Will medical marijuana prove to be a miracle treatment for people with multiple sclerosis (MS)?
The National Multiple Sclerosis Society says there are uncertainties about how effective marijuana is in relieving MS symptoms. But the organization supports the right of patients to work with healthcare providers to access medical marijuana where legal.
Supporters of medicinal marijuana are more forceful in their advocacy.
On the website herb.com, supporters say medicinal marijuana has been “widely successful” in treating MS symptoms. They list seven ways they say cannabis eases MS symptoms.
Long history of treatment
Cannabis has been used since ancient times for a variety of conditions.
In 2011, a cannabis extract was first approved in Germany for the treatment of spasticity in people with MS.
Since then, only two synthetic drugs containing THC have been approved by the U.S. Food and Drug Administration (FDA). They are Marinol and Cesamet, used for treating nausea in people undergoing chemotherapy and people with HIV.
The only naturally occurring THC-based drug — the oral spray Sativex — used for the treatment of spasticity in people with MS, is approved in several countries including France, Canada, and Sweden. However, it is currently not available in the United States.
Although the FDA has not approved any product containing botanical marijuana, FDA officials say they understand there is considerable interest in the use of the substance to treat a number of medical conditions, including MS.
And while studies continue to recognize the benefits, many people are not waiting for FDA approval. Self-medicating with marijuana is common, with the most frequently reported conditions being pain, anxiety, depression, headache and migraine, nausea, and muscle spasticity.
How it works
Cannabis works with the endocannabinoid (EC) system in the human body via the CB1 and CB2 receptors by mimicking natural chemicals created in the body.
This action encourages growth and activity within the EC system.
The EC system is found throughout the brains and bodies of all mammals. It influences memory, energy, balance, metabolism, response to stress, and more. Basically everything that can be affected in a person with MS.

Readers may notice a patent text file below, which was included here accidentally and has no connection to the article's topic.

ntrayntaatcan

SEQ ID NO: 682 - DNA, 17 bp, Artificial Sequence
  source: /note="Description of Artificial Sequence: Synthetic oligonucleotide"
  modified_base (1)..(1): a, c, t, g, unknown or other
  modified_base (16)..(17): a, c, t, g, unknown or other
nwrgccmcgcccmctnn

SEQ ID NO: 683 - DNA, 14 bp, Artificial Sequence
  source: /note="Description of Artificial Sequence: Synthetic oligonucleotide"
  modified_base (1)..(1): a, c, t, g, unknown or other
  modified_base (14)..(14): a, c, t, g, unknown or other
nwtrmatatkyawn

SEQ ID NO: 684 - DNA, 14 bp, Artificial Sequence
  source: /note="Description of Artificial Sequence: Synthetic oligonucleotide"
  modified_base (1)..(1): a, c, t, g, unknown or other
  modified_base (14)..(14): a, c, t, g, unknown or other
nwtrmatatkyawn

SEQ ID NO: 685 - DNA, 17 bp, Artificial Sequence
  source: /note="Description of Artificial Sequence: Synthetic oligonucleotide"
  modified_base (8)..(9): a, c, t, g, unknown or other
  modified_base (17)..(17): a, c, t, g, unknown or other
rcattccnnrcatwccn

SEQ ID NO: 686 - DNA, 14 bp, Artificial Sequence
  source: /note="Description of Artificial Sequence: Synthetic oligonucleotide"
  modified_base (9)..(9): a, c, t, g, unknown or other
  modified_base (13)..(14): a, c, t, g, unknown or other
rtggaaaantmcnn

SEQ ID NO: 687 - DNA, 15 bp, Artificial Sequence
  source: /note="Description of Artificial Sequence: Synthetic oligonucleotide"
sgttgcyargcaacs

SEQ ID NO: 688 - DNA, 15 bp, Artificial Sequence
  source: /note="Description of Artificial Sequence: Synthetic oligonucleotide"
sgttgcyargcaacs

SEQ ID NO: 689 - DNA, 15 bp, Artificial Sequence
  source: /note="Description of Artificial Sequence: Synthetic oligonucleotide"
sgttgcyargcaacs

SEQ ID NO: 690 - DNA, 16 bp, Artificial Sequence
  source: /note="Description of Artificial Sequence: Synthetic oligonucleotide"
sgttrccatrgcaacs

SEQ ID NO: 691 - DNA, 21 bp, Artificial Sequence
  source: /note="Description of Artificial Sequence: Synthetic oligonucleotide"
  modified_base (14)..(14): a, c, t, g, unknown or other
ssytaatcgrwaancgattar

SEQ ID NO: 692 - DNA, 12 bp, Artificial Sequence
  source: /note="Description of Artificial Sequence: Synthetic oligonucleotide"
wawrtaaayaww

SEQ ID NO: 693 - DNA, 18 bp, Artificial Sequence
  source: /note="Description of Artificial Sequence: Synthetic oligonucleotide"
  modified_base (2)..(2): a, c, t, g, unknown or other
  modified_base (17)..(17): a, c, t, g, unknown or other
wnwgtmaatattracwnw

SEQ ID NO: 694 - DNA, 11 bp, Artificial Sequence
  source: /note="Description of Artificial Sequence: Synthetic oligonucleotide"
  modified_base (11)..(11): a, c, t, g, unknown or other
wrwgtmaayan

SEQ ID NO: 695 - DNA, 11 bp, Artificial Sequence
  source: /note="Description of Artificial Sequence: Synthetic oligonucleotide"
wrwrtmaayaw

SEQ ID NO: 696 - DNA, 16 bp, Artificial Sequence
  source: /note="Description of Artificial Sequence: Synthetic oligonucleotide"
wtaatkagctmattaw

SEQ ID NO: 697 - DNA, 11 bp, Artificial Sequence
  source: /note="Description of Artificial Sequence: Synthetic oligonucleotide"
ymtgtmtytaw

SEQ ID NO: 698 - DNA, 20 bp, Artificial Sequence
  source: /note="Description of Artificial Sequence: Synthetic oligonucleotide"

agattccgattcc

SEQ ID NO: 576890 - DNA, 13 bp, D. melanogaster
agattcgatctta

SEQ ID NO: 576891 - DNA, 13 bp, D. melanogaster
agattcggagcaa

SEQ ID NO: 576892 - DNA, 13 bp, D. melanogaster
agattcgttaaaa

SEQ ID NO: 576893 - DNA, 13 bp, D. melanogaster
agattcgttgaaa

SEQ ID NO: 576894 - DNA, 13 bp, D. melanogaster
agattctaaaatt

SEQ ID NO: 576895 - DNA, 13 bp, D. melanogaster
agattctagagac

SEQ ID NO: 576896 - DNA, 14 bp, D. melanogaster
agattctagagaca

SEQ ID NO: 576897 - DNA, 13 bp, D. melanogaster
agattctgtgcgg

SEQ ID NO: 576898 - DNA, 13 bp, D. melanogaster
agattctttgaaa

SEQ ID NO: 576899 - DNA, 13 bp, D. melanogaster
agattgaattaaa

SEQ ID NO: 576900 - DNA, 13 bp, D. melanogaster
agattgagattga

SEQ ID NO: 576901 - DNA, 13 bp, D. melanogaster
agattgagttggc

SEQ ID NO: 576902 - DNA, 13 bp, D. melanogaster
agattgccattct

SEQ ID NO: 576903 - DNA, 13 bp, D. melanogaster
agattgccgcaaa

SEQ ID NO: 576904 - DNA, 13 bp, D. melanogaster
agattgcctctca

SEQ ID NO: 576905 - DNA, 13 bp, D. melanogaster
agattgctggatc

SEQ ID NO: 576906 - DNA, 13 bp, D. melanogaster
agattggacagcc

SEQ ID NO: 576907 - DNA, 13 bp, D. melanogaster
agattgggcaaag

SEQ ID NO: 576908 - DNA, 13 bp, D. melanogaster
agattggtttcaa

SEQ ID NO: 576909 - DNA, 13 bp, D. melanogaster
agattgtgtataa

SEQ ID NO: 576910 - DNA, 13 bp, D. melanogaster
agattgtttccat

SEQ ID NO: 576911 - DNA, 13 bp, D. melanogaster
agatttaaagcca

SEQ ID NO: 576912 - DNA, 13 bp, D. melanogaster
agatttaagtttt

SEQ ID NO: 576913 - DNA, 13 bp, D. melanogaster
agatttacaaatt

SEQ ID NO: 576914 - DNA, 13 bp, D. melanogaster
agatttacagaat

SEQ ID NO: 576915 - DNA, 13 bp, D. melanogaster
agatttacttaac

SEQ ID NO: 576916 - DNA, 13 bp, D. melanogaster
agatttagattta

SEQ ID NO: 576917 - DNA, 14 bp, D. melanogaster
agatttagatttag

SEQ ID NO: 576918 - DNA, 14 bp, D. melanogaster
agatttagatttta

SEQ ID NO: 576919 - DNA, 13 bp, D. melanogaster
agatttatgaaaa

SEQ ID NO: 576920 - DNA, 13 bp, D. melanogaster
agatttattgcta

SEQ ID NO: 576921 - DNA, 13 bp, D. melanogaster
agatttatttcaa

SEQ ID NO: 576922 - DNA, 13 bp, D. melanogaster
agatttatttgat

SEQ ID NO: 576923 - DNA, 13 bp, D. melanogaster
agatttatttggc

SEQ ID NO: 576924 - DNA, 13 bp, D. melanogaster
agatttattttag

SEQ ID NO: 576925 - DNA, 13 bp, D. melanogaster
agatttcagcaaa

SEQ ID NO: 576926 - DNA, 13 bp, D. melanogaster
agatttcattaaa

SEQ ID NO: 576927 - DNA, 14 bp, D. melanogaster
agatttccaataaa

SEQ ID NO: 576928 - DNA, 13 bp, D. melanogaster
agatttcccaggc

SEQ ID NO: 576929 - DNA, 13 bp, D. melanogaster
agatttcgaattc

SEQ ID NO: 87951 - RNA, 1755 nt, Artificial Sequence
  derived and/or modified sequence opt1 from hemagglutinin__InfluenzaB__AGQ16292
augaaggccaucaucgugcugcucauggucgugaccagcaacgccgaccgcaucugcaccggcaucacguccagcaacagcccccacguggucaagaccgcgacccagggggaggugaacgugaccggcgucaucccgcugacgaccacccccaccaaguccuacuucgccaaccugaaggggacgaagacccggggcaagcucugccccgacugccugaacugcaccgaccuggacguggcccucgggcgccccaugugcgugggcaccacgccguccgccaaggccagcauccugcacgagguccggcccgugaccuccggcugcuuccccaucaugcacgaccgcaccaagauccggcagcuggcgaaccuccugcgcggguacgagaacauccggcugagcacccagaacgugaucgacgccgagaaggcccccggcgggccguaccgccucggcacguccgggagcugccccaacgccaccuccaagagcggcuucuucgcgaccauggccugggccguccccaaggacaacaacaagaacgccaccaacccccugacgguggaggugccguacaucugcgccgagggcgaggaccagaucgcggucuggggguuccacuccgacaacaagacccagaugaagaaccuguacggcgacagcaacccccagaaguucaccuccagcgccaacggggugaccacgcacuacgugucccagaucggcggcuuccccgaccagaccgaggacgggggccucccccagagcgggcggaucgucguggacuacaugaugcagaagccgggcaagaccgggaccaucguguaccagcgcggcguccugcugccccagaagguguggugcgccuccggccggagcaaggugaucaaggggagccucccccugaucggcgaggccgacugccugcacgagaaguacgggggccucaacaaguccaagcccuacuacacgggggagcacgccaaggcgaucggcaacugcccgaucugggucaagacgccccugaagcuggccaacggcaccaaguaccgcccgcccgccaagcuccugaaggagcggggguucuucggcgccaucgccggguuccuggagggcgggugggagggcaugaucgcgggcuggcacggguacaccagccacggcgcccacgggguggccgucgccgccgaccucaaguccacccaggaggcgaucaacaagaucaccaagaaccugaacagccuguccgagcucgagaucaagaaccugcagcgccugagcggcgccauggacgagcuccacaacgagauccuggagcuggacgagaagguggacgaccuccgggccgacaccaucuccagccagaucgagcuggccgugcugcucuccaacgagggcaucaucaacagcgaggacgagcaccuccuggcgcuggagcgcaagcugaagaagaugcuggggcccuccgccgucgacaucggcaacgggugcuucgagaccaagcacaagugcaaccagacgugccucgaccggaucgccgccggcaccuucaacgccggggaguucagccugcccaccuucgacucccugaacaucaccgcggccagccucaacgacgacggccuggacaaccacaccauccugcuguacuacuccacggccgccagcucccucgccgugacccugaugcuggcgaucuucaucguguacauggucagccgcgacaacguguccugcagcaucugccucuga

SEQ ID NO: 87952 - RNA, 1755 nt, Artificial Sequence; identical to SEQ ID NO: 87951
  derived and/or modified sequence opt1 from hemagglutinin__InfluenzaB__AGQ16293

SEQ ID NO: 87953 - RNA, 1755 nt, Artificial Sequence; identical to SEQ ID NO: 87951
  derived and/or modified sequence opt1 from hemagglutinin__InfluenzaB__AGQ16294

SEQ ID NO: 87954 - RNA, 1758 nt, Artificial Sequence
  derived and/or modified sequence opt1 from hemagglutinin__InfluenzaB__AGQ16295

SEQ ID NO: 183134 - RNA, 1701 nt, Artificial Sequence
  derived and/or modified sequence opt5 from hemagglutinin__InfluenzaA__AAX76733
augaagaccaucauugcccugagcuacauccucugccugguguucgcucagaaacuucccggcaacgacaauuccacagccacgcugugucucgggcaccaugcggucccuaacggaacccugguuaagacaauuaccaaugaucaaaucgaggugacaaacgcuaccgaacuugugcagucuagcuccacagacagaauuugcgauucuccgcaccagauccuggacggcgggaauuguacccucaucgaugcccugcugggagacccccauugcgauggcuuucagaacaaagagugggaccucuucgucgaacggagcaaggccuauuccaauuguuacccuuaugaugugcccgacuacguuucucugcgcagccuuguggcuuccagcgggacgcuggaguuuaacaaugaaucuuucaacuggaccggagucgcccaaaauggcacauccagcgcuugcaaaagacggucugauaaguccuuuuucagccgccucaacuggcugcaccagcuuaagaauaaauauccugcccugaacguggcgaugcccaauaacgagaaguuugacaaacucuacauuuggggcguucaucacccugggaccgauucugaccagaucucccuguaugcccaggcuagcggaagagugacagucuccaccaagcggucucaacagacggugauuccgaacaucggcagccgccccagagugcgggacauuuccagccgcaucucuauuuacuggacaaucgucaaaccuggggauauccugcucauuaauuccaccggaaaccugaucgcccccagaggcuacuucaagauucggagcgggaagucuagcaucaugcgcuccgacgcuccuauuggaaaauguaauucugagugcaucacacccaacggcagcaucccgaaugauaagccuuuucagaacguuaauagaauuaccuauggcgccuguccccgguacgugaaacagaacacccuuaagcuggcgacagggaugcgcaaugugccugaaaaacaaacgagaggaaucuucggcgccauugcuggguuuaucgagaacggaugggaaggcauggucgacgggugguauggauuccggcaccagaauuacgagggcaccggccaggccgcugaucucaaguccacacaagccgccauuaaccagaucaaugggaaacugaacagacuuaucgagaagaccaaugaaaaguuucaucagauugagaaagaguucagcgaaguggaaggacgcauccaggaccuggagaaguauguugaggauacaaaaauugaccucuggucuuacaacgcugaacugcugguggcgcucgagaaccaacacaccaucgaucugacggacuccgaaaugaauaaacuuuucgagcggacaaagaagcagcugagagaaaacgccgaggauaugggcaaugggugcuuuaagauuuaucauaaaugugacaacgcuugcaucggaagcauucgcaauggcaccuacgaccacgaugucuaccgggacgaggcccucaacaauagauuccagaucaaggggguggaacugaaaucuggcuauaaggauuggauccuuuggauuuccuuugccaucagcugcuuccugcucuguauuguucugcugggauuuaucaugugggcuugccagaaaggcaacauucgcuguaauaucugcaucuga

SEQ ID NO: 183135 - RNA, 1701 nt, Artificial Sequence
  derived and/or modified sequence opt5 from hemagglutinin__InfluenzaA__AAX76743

While receptor C1 is found primarily in the brain and C2 in the immune system, both receptors have been found on immune cells suggesting a strong relationship between THC and immunosuppression.
Why use it
Pain throughout the body may be targeted with ingesting or vaporizing cannabis, while a specific spasm might be treated with a topical ointment or transdermal patch.
Cannabis has shown continued success in helping people with MS control bladder issues such as incontinence and leakage with only a few side effects, suggesting it is a safe and effective treatment for other symptoms in people with MS.
Losing sleep is not just an annoyance. It can cause fatigue and depression and affect mental stability and cognitive function. Cannabinoids have been found to help with sleep issues and prevent worsening symptoms.
Inflammation is considered the root of many illnesses and known to cause MS symptoms and relapses. Due to the interaction with receptors C1 and C2, cannabinoids are considered potent anti-inflammatories, a critical element in reducing MS activity.
There are several ways to take cannabis including ingestion, smoking, vaporizing, and topical use. Any kind of smoking can cause injury to the large airways and promote chronic bronchitis, and is not considered a safe way to take cannabis. Edibles, while considered safer, are sometimes difficult to measure with regard to the THC quantity.
Using a vaporizer has shown to be a safe and efficient way to take medicinal cannabis. And topical ointments and dermal patches provide an easy way to target specific areas on the body.
While some medical facilities and professionals are still opposed to medical marijuana, a growing number of doctors and clinics across the country are calling for more extensive and representative clinical trials as a result of a significant number of successful studies.
Editor's note: Caroline Craven is a patiebnt living with MS. Her award-winning blog is GirlwithMs.com. She can be found at @thegirlwithms.